A Knitter in Transition

My adventures - in knitting, marriage, and moving across hemispheres.

Monday, May 29, 2006

To Knit, Perchance to Dream.

Ah, the knitter's block. I've hit it hard. I pick up the needles and an hour later, I've powered through a row and a half. I'm reading knitting books and patterns, I'm surfing knitting blogs, I'm even buying lots of yarn. I'm doing everything but actually knitting. This happens to me at least once a year, I think I've just got to slog through it. Any tips?

Perhaps I could work up a good case of startitis. Here's some fuel for the startitis cooties:

Just when I was considering hating the french, for postal reasons not politics, my yarn arrived. The yarn I had ordered in February. That's right. I even wrote the Phildar people a really sad e-mail in really horrible french asking "ou est ma laine?" Ya know, where's the wool, frenchie? They were really nice about the whole thing, and assured me that as it hadn't been returned to them, it must still be en route. The yarn is soft yet crisp and will be perfect for summer. Even if it's next summer, post knit-slump, and I'm the only person outside the mid-west still wearing a shrug.

I've also recently enhanced the stash with some stuff for a gift, some cotton denim yarn, for my very own Absorba the Mason-Dixon bathrug, of course the Mason Dixon book, and soon to arrive via amazon, an Elizabeth Zimmerman. I think knitting sans crying, but I don't remember.

The latest thang: Oma's chocolate cake.
Made this for a bbq, and it was a HUGE hit. Well, with 2 sticks of butter, how could it NOT be??? It will not only win you friends and get you promoted, it will land right smack dab on your ass, and some will fall to your thighs. In a feat of gravity-defiance, some will also climb up and settle in on your belly. Do not look forward to any landing on your boobs or under those teeny wrinkles to smooth them. That is, unless you have the metabolism of a greek god, and the ass to prove it:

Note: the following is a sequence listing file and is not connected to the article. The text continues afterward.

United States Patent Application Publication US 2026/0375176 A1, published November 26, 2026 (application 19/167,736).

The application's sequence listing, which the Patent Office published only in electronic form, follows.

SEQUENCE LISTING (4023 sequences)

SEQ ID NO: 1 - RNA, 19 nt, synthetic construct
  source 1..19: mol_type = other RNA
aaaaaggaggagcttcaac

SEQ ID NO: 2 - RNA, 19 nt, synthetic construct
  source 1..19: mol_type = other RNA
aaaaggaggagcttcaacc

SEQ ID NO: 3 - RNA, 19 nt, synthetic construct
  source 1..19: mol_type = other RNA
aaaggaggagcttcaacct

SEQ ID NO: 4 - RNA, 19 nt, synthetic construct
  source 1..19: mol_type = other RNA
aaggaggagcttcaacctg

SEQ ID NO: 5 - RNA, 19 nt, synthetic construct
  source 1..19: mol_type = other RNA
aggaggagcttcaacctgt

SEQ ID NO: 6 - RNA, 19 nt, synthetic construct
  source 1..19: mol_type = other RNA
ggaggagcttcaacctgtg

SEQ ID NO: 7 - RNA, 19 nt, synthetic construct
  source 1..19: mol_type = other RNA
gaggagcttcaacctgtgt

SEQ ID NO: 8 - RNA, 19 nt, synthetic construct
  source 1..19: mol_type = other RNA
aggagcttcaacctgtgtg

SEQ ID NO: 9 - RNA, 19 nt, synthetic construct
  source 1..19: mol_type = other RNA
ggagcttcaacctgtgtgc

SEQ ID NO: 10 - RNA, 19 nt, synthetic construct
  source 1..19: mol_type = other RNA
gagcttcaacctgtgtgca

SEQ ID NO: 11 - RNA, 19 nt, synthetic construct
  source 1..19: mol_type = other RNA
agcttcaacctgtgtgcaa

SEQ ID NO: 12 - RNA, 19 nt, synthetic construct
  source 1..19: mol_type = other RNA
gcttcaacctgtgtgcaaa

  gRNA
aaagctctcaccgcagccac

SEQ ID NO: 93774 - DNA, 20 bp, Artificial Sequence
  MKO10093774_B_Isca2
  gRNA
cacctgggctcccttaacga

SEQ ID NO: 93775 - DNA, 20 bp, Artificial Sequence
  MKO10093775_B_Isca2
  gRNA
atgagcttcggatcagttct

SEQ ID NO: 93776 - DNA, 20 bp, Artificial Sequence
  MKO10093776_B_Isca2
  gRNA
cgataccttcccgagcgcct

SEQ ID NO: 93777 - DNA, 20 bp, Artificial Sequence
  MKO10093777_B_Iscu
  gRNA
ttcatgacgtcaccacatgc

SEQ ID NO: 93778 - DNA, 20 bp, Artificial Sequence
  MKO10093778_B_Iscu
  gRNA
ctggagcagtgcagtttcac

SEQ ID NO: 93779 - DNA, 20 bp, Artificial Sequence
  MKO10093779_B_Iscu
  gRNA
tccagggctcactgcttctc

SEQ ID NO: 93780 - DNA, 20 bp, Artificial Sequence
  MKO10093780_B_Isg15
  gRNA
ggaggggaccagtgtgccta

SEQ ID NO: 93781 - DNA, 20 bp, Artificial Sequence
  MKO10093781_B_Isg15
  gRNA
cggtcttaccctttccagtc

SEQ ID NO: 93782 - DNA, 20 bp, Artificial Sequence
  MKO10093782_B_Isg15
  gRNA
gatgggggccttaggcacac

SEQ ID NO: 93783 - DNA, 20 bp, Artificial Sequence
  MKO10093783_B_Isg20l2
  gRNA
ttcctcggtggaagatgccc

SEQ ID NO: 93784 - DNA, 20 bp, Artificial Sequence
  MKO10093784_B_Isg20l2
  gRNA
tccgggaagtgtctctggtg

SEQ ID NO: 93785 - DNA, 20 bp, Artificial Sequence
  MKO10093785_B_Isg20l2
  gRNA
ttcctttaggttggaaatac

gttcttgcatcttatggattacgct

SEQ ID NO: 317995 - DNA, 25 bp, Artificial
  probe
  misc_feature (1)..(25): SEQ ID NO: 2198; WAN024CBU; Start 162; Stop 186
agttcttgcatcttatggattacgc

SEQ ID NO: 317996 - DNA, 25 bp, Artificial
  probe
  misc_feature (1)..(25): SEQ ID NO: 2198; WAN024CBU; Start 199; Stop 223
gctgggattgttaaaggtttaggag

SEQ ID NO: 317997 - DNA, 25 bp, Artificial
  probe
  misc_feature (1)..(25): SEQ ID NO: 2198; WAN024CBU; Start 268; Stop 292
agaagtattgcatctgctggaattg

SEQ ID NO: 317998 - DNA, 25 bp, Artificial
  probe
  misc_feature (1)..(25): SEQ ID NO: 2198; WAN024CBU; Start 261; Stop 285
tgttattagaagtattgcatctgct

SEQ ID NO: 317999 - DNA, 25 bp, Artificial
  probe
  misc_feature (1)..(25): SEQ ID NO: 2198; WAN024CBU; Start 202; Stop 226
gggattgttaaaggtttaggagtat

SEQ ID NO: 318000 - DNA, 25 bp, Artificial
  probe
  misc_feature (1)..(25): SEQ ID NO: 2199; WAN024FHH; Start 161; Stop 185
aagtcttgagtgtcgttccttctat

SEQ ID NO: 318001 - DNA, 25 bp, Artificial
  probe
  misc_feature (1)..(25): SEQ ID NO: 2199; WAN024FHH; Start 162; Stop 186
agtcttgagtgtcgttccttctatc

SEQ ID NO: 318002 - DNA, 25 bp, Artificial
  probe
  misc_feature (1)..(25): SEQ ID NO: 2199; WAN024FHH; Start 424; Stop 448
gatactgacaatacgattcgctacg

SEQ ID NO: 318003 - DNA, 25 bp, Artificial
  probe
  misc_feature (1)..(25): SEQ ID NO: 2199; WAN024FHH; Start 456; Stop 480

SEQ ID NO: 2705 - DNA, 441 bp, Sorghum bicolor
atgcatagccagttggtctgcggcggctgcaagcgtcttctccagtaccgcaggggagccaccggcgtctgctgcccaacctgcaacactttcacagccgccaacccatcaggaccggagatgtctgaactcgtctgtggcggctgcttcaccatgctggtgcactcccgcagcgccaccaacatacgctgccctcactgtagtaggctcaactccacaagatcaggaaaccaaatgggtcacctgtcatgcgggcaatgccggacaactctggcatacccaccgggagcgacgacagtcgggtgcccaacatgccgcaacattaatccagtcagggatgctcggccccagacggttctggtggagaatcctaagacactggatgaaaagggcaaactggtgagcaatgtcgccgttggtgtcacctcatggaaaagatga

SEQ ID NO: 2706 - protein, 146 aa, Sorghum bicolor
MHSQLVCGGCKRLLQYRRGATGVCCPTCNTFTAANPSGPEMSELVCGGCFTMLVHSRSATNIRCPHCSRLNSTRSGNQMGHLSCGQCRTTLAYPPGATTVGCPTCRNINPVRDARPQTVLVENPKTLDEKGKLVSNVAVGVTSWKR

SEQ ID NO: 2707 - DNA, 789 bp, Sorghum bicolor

*Why yes, that is a bowl of guacamole and a dish of pizza dip behind the cake. Yes, I made them both. What? Those land on my ass too? Rat bastards. In my defense, the pizza dip has tomato sauce which is chock full of all sorts of stuff that's good for me right?? Oh, and the guac, I make KILLER guac. It would be flat out RUDE of me to deprive people of my awesome guac. Everyone loves it, just ask Caelinn:

Tuesday, May 16, 2006

Secret Gardens

No knitting content, just homesick for New Orleans. I miss the Quarter. Send chickory and half and half po'boys, fully dressed, baby.

If you've ever lived or spent time in New Orleans, you'll know all about secret gardens. The French Quarter is a treasure trove of hidden jewels that most of us will only ever see the tiniest glimpse of through narrow wrought iron alley gates.

The best part of the whole experience is the unexpectedness of it! In the Garden District, you see 10,000 square foot three story wedding-cake confections of gingerbread and leaded-glass, and it's a given that everything inside it and on it's grounds will be fabulous. But, you when you walk through the French Quarter, it's a crazy mix of history and neon lights, homes that have been the same color for a hundred years with slave quarters and carriage houses, all mixed in with Lucky Dog vendors, Voodoo shops and Bourbon Street. You have no idea what's on the other side of the brick walls and sherbet-toned shutters. But, take a peek into someone's alley gate, and you'll see a whole other world.

You might think nothing of the front of the Court of Two Sisters,

but when you get into the courtyard for your Jazz Brunch, you'll gasp:

In the summer, the grape arbor fills in and give full shade to the lucky ones who sit underneath. This is where I had my bridal shower! It is so beautiful and so very New Orleans, it's perfect!

It only looks like the homes are piled on top of each other. It's an illusion that the homes that back up to each other share alarm clocks and soup-can phones. The truth of the matter is that there may well be enough room between the homes for a carriage and small stable. The courtyards are very private! No looky-loo neighbors, your courtyard will probably have your neighbor's solid 2 or 3 story brick wall on one side. The larger, multi-story homes in the heart of the quarter are likely L or U shaped: a grand front faces the street with ornate wrought iron balconies, and the long side(s) holds the slave quarters, kitchen, etc. Sometimes, they look like this, the St. Louis hotel:

A grand New Orleans home, with fancy front, bedrooms along the courtyard sides (you can barely see the edge of the slave quarters on the right), and an adjacent formal garden. The Beauregard-Keyes house street-front: